JA Control Panle

Peoples Daily

Home Life Style Art & Culture Despite these times...

Despite these times...

E-mail Print PDF

FROM THE LIVE STAGE with Patrick-Jude Oteh

0803  700  0496, 0805 953 5215 (SMS only)

In our recent production of Chinua Achebe’s ARROW OF GOD as adapted for the stage by Professor Emeka Nwabueze and called WHEN THE ARROW REBOUNDS one of the characters Nnanyelugo asks ‘how do you carry a man with a broken waist?’

This is the story of our country right now. How do you begin to carry such a case? Every morning you wake up and you find there is absolutely no inspiration anywhere. The series of bad news is simply too much. What exactly is happening? In these confounding times, our leaders are just moving from one crisis to the other and there is none of them that invokes that element of the human that simply gives you the confidence that we will be able to weather this storm and in the midst of all these there are too many fifth columnists and mischief makers that a lot is simply bewildering to the senses.

We just got back from Lagos after our participation at the MUSON festival. We had two performances – at 3pm and 6pm. Our performances were very well received by an audience made up of the cream of the society as well as theatre enthusiasts who were desirous of experiencing good theatre. But the two audiences were remarkably different – the 3pm audience was more subdued and sober but they were following the play. It was an audience that was made up of people who if you had dropped a pin in their midst you would hear it fall. Their appreciation was however glaring at the end of the play when they erupted in rapturous applause at the cast and crew. The evening audience was more upbeat and made up of younger people. They simply wanted a good laugh and the play provided many of such even within its seriousness of the issues being discussed. And when the eventual tragedy befell the house of Ezeulu, you could hear the pin drop and there were a few sighs and ‘oh no!’ in the audience.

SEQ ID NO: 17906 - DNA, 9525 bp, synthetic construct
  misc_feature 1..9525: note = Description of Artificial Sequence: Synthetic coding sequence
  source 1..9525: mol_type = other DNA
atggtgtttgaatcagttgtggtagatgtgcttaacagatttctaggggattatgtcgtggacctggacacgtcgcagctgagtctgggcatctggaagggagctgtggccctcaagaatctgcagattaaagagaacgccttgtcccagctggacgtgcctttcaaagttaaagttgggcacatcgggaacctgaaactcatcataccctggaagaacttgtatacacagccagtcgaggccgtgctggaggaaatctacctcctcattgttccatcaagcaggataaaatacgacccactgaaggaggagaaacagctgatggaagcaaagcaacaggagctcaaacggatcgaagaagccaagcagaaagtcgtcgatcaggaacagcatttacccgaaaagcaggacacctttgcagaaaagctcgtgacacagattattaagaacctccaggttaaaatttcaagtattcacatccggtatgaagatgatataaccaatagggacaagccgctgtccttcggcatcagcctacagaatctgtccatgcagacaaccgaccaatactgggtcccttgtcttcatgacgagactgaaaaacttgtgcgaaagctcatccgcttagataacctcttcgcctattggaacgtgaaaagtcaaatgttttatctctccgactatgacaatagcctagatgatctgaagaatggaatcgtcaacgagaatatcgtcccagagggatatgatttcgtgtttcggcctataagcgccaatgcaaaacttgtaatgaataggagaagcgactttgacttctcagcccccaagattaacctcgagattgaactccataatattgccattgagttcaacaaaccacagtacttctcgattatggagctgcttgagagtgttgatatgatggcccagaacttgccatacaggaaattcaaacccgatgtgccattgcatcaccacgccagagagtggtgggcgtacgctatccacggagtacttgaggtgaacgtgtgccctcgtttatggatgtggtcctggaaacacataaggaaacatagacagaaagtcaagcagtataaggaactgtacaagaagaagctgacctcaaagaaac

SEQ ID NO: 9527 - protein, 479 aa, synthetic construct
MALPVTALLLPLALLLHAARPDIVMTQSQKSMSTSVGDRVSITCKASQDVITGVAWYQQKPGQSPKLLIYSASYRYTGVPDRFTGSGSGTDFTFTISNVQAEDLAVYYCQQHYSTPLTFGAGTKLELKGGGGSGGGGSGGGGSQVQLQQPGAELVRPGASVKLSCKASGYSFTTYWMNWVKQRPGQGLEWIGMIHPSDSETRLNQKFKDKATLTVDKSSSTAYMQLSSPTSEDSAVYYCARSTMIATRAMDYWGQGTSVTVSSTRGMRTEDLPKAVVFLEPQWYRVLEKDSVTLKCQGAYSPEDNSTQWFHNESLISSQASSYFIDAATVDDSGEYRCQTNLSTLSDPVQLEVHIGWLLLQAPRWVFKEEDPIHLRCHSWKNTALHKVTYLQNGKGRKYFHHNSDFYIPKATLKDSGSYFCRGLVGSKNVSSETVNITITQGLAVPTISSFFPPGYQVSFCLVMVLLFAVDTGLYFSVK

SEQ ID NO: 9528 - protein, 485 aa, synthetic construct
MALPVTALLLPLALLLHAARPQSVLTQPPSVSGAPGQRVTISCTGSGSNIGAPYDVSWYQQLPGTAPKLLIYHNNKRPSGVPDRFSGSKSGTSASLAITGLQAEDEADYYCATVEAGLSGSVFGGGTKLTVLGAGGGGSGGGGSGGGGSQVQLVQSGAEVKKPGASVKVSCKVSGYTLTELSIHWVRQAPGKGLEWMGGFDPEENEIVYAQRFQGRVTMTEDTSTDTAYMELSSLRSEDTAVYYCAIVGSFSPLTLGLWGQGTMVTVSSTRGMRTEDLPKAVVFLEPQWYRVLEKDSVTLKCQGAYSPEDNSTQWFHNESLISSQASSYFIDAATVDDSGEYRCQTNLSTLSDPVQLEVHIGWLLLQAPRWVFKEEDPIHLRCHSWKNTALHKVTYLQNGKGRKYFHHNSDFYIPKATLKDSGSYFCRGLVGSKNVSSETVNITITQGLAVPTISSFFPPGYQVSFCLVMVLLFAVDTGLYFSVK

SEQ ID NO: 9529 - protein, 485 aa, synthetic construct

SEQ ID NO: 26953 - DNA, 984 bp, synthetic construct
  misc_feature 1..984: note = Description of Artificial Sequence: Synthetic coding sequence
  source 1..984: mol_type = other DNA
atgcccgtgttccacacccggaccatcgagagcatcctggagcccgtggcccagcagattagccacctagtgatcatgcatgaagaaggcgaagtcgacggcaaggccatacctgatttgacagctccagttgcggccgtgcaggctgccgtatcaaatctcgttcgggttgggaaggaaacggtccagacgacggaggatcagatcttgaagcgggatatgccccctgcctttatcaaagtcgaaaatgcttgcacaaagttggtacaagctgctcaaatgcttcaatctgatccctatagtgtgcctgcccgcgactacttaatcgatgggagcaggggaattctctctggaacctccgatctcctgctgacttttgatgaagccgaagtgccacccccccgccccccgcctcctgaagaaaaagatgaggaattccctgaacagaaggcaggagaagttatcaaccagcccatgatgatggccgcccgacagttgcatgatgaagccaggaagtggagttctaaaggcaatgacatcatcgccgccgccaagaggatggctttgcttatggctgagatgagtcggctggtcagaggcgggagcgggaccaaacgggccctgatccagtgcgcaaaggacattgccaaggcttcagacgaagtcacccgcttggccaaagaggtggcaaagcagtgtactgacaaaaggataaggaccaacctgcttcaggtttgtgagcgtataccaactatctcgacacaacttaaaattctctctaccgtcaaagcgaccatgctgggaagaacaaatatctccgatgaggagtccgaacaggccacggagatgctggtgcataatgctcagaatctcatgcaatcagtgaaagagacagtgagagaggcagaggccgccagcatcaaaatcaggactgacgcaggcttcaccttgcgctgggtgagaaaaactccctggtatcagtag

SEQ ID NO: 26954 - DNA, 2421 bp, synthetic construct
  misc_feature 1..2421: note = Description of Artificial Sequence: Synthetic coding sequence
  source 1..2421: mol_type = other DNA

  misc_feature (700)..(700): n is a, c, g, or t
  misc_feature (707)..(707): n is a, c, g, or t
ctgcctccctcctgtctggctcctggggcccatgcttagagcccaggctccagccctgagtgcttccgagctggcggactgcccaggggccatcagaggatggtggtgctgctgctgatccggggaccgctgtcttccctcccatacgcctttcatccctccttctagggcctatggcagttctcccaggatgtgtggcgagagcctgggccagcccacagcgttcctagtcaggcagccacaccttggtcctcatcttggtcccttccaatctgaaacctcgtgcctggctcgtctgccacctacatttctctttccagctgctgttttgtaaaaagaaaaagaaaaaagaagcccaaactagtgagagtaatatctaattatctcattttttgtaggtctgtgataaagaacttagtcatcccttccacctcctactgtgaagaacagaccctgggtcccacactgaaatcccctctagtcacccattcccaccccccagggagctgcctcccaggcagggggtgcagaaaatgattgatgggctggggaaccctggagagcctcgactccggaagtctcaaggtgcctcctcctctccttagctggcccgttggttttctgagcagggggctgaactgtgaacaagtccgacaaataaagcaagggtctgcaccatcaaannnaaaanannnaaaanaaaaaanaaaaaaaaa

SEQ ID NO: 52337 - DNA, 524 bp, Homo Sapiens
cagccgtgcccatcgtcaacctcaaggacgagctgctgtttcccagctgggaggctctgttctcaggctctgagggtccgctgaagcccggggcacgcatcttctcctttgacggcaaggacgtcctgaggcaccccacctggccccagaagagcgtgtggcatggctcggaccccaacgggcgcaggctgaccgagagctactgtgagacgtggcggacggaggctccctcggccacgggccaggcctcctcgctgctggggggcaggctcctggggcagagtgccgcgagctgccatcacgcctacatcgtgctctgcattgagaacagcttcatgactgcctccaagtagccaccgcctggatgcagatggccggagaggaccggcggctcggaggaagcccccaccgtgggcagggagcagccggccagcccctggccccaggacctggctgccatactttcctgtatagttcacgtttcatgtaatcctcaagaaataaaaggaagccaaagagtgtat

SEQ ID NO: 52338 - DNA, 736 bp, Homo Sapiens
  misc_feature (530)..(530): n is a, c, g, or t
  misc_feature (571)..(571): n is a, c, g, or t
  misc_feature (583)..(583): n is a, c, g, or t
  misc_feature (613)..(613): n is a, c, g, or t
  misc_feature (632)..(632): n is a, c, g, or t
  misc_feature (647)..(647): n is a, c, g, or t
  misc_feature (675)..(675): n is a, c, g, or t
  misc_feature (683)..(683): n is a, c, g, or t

In my estimation as a theatre director, I was satisfied with the reception of the play as well as the outcome. It was after the play that a great weariness enveloped me and I just slumped in a chair in the lighting booth. The production was a culmination of many months of negotiations and we left with the satisfaction that we gave a good account of ourselves and our calling as artistes.

We entered Lagos on Friday morning at 12.48am having left Jos on Thursday morningat 7.23am. The roads have become a most harrowing experience and the constant and consistent gridlock at Okeneis another story for another day. There are points you get to and you simply feel like carrying the bus on your head and trekking. What kind of country is this? This is a constant question that has refused to give me answers. There are times when one just feels that the entire nation is one huge jungle and we all are its inhabitants!

It is a miracle that despite these times we still manage to create. Our simple thanks go to the MUSON management for making it possible for us to share our talents with the city of Lagos. A lot of our artistes were coming to Lagos for the first time in their lives and it has been a life changing experience. I tell people that somewhere along the line here lies one solution to the Jos situation – a lot of our young people need to travel and get out of their immediate surroundings. They need to see life outside of their immediate environment. It is not a cheap enterprise but then who says life changing experiences are?

Comments (0)Add Comment

Write comment
smaller | bigger


Nigerian News Video

Today's Front Page


NASIR EL-RUFAI ON FRIDAY  Still on failing state and  fading peacekeepers

ABUJA DAIRY  The questionable N80m AMAC accumulated waste debt

WATCH DOG  Coaches’ ranting over technical director’s appointment

ISLAM EXPLAINED  The seven most prosperous people on the resurrection day (II)